The Tour Take | Vuelta a Espana Stage 7
1st – Tony Gallopin (AG2R La Mondiale
2nd – Peter Sagan (Bora - hansgrohe) @ 0:05
3rd – Alejandro Valverde (Team Movistar) @ 0:05
Red - Rudy Mollard (Groupama-FDJ)
Green - Alejandro Valverde (Team Movistar)
Polka Dot - Luis Angel Mate (Cofidis)
23rd - Jack Haig
32nd - Nick Schultz
37th - Jay McCarthy
48th - Jai Hindley
78th - Simon Clarke
84th - Damien Howson
123rd - Richie Porte
124th - Rohan Dennis
155th - Alex Edmondson
165th - Michael Storer
174th - Mitchell Docker
1st - Rudy Mollard (Groupama - FDJ)
2nd - Alejandro Valverde (Team Movistar) @ 0:47
3rd - Emanuel Buchmann (Bora - hansgrohe) @ 0:48
4th - Simon Yates (Mitchelton - SCOTT) @ 0:51
5th - Tony Gallopin (AG2R La Mondiale) @ 0:59
6th - Michal Kwiatkowski (Team Sky) @ 1:06
8th - Nairo Quintana (Team Movistar) @ 1:14
9th - Steven Kruiswijk (LottoNL-Jumbo) @ 1:18
11th - George Bennett (LottoNL-Jumbo) @ 1:26
12th - Miguel Angel Lopez (Team Astana) 1:27
14th - Rigoberto Uran (Education First - Drapac p/b Cannondale) @ 1:29
17th - Wilco Kelderman (Team Sunweb) @ 2:50
18th - Thibaut Pinot (Groupama - FDJ) @ 3:08
186km of rolling roads awaited the peloton on Stage 7, as the peloton covered over 2000m of ascent, despite just the two categorized climbs. After starting in Puerto Lumbreras, the peloton passed through the finish line in Pozo Alcon with 50km to go. A finishing loop incorporated the Cat 3 Alto de Ceal (4.5km @ 5.4%) which topped out with 15km to go, before a mostly uphill run to the line.
The Key Point
It’s a tough finale with the uphill finish; the majority of the final 15km head uphill after the Alto de Ceal. Another small, uncategorized climb is also in there; with 9km to go, they’ll head up a 2km climb that averages 8%. A busy last kilometre has the peloton navigate a roundabout and a sharp left-hander.
Floris De Tier, Michael Woods, Alex Aranburu, Nicola Conci, Edward Ravasi, Alexis Gougeard and Oscar Rodriguez formed the seven-man breakaway on what looked to be a pretty breakaway friendly stage. They weren’t given much leash though; Bora-hansgrohe were very active at the front of the peloton, with Peter Sagan apparently feeling better after a rough opening few days.
On the Alto de Ceal, the breakaway’s lead was down to less than half a minute and the break began to attack itself. Michael Woods set off alone, but was brought back by the top of the climb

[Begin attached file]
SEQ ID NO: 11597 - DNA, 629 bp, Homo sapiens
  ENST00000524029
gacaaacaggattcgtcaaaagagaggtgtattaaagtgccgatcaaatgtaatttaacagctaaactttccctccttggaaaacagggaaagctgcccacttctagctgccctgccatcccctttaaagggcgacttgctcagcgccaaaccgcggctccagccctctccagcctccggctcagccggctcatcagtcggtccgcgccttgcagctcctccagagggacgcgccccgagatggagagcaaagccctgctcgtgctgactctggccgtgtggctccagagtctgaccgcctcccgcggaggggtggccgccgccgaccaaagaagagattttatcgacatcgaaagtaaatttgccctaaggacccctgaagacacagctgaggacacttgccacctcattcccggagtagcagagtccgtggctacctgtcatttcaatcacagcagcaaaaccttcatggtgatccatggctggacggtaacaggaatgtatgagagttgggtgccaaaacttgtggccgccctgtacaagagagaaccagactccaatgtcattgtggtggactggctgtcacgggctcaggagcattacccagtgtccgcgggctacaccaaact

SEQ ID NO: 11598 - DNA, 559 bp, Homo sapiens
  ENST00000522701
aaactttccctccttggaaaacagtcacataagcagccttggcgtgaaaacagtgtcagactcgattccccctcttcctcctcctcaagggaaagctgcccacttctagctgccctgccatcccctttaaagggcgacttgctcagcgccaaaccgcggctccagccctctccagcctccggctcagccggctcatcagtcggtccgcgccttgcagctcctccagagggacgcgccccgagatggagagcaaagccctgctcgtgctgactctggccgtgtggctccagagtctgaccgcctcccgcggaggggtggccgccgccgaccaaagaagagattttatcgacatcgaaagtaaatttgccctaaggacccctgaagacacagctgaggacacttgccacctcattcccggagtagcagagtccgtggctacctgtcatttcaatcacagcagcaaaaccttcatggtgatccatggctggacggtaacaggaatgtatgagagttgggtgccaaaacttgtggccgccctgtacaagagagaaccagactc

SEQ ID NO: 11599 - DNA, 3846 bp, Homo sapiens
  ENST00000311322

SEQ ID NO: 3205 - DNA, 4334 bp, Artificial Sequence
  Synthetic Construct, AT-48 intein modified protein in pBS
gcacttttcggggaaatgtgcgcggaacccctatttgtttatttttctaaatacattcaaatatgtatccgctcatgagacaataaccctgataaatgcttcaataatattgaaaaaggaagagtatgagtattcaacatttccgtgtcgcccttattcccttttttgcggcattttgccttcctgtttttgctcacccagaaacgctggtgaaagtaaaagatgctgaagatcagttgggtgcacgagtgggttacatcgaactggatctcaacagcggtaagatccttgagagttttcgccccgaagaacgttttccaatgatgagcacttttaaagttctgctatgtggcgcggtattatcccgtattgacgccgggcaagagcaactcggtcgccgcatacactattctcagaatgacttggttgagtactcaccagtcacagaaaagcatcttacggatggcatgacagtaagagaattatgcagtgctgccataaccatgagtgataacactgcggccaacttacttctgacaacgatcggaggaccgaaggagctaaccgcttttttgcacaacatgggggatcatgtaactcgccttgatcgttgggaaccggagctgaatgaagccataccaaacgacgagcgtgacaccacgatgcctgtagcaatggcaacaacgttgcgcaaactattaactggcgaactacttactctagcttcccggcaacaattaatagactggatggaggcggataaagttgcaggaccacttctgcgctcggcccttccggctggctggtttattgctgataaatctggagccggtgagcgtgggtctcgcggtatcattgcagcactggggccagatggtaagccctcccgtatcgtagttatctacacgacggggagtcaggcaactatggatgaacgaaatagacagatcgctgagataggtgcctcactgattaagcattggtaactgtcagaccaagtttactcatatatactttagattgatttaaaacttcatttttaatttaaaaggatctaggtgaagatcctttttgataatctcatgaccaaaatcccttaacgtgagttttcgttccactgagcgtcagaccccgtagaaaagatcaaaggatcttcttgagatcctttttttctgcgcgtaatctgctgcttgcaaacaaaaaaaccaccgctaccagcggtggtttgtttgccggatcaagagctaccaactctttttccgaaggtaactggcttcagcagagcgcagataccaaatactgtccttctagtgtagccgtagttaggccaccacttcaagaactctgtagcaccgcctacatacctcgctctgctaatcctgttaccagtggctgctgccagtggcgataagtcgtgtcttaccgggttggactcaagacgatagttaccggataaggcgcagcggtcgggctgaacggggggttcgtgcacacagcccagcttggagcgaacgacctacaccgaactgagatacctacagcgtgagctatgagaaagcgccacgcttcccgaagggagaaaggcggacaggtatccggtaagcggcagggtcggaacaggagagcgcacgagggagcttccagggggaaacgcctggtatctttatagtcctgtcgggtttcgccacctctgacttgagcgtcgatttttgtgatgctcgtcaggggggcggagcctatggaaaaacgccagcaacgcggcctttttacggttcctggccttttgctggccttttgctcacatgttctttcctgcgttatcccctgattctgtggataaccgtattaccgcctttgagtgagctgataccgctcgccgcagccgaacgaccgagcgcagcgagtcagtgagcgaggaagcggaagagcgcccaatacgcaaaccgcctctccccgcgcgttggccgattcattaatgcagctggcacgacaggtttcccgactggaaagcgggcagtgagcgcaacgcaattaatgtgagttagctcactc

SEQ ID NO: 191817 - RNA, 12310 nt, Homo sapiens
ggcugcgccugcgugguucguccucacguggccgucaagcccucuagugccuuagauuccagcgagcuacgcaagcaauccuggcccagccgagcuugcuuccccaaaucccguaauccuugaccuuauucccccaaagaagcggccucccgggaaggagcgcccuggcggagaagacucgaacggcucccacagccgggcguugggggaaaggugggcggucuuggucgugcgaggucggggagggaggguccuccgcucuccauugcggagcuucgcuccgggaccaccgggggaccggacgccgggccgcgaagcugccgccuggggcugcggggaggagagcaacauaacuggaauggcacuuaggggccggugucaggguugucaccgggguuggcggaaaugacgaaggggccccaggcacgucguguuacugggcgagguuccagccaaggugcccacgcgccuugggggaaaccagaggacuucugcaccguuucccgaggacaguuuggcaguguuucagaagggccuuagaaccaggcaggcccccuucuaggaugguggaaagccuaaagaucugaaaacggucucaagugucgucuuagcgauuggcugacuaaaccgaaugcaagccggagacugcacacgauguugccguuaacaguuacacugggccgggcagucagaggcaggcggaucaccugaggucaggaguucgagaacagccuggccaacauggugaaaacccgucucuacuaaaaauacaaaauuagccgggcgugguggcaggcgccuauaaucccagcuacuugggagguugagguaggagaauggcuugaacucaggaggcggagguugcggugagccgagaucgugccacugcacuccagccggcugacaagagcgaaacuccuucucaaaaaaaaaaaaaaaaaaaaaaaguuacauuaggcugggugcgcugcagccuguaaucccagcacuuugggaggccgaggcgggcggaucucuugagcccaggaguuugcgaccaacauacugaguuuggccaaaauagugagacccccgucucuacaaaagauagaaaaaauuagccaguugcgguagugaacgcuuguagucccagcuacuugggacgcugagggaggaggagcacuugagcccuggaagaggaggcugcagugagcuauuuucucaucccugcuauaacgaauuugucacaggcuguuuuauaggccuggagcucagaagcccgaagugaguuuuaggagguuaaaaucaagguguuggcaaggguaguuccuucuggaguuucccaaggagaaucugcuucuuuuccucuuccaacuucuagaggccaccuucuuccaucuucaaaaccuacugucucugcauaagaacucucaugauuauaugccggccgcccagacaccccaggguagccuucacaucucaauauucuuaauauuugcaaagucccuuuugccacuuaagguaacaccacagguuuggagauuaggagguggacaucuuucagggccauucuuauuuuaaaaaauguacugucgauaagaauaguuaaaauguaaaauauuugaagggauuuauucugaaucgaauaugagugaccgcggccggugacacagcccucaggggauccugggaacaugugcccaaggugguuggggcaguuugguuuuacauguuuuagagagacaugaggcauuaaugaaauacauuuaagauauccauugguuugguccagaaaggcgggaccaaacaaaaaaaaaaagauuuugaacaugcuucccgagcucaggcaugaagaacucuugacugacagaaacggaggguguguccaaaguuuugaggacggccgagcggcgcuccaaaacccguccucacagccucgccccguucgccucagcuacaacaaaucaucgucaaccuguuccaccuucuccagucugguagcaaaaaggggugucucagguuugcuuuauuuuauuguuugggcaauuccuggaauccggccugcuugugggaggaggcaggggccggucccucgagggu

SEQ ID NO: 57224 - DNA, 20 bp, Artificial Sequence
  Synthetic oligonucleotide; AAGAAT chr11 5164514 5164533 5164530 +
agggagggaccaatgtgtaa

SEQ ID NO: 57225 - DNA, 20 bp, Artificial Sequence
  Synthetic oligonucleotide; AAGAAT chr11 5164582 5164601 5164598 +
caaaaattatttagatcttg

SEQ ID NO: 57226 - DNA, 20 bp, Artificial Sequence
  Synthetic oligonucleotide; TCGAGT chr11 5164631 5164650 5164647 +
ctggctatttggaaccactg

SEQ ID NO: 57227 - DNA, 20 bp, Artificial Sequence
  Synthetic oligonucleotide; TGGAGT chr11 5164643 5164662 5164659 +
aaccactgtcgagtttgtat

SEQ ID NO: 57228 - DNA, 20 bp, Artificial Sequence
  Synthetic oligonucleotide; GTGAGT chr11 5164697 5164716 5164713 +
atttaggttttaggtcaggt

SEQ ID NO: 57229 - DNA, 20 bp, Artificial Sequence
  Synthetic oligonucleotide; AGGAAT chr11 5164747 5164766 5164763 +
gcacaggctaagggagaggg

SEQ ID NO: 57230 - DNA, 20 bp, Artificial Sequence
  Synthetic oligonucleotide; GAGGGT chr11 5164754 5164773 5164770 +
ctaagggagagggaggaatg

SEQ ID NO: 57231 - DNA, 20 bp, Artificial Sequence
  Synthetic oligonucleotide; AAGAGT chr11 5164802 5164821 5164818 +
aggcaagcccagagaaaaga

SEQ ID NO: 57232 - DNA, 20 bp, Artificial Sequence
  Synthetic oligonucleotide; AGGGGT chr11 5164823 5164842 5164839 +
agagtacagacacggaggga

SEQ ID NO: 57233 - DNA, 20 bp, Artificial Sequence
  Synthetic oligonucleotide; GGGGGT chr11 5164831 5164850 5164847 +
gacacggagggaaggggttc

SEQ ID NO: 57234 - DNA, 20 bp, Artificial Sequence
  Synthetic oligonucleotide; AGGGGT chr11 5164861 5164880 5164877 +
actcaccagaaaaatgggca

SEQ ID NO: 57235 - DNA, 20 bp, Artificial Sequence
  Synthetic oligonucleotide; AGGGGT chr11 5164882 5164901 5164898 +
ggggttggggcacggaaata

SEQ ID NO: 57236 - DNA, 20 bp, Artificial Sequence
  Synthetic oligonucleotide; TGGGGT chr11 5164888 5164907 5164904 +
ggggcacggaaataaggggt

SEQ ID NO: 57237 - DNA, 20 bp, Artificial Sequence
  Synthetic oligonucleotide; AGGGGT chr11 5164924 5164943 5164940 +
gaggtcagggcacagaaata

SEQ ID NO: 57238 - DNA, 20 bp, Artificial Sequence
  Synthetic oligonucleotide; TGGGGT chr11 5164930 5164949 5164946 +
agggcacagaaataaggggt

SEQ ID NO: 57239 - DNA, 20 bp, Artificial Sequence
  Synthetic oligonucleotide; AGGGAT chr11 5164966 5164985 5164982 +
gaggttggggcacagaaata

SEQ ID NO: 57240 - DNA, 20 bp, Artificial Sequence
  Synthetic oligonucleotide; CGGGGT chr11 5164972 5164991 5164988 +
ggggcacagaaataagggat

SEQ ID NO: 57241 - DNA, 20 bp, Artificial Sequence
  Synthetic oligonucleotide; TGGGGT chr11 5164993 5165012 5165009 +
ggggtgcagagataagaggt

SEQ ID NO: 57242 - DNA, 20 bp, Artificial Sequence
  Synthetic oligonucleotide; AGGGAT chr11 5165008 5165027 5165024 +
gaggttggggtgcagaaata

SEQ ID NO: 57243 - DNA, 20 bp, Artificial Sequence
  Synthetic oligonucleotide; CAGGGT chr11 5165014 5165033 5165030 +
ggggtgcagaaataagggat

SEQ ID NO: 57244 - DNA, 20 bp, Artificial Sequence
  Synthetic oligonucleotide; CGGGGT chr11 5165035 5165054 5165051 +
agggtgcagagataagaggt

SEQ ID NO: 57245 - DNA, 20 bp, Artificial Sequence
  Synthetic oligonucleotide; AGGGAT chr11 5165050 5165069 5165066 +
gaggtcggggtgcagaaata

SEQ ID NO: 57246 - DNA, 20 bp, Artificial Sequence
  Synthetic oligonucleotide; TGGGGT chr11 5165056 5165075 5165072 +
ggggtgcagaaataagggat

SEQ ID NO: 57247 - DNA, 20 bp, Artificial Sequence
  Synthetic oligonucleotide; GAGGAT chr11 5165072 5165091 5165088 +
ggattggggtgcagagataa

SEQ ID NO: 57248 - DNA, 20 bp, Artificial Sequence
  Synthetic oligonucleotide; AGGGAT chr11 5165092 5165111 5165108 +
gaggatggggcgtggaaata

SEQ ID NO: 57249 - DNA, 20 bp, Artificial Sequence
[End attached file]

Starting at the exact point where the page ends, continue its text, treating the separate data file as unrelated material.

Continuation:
Even though a few sprinters like Elia Vivianni made it over the top of the climb with the bunch, the continued rise over the top provided a finishing blow. The roads over the top of the climb were twisty, narrow and dusty too; while a few riders tried to attack off the front, Michal Kwiatkowski crashed in the main group
With around 5km to go, there were only 25 riders left and little cohesion in the group including Peter Sagan who showed off his returning form.
Jose Herrada launched a serious attack, quickly gaining 15 seconds over the second group. Herrada looked strong and but when Tony Gallopin bridged over, he couldn’t latch onto the Frenchman, who flew right past.
Gallopin had 15 seconds into the final kilometre and rode onto the finishing straight alone, with time to raise the arms in salute. Peter Sagan finished second, 5 seconds back, with Alejandro Valverde in third.
Rudy Mollard rode superbly to retain the Red Jersey, while Michal Kwiatkowski dropped to sixth as he lost 30 seconds.
3 - Tony Gallopin. Gallopin's move was the perfect opportunist's move, and he had the legs to finish it off.
2 – Jose Herrada. Herrada's move was pretty close to a perfect opportunist's move too, but he was just missing the 10% to finish it off
1 – Michael Woods. The Canadian actually crashed while in the breakaway, 20km into the day. Nevertheless, he soldiered on, and was the last man caught from the break
Leaders: Mate (4), Bouhanni, Clarke, Dennis, Gallopin, King, Kwiatkowski, Valverde, Vivianni, (3), De Plus, Herrada, Mollard, S Yates, (2), Campenaerts, Mollema, Porte, Postlberger, Rolland, Woods (1), De Gendt (-1)
The Next Stage
Stage 8 is to be another flat (ish) day, with just the one categorised climb on the 195km route from Linares to Almaden. The Alto de Espanares (10km @ 3.6%) comes before the halfway point of the stage, so shouldn’t have any effect on the day.
The final 6km are tough though. A 2km step at 4% comes 6km before the line, and the last 2km rise at an average 4% again. Only 200m from the line, the gradient reaches 7%, so it will be a tough ask for a pure sprinter to win.
We saw Peter Sagan's form is finally on the up, and tomorrow seems a perfect day for him. You'd back Vivianni and co to make it to the finish, but the tough finale and finishing kicker might just hurt them, more than it does for Sagan.
See you back at the social club,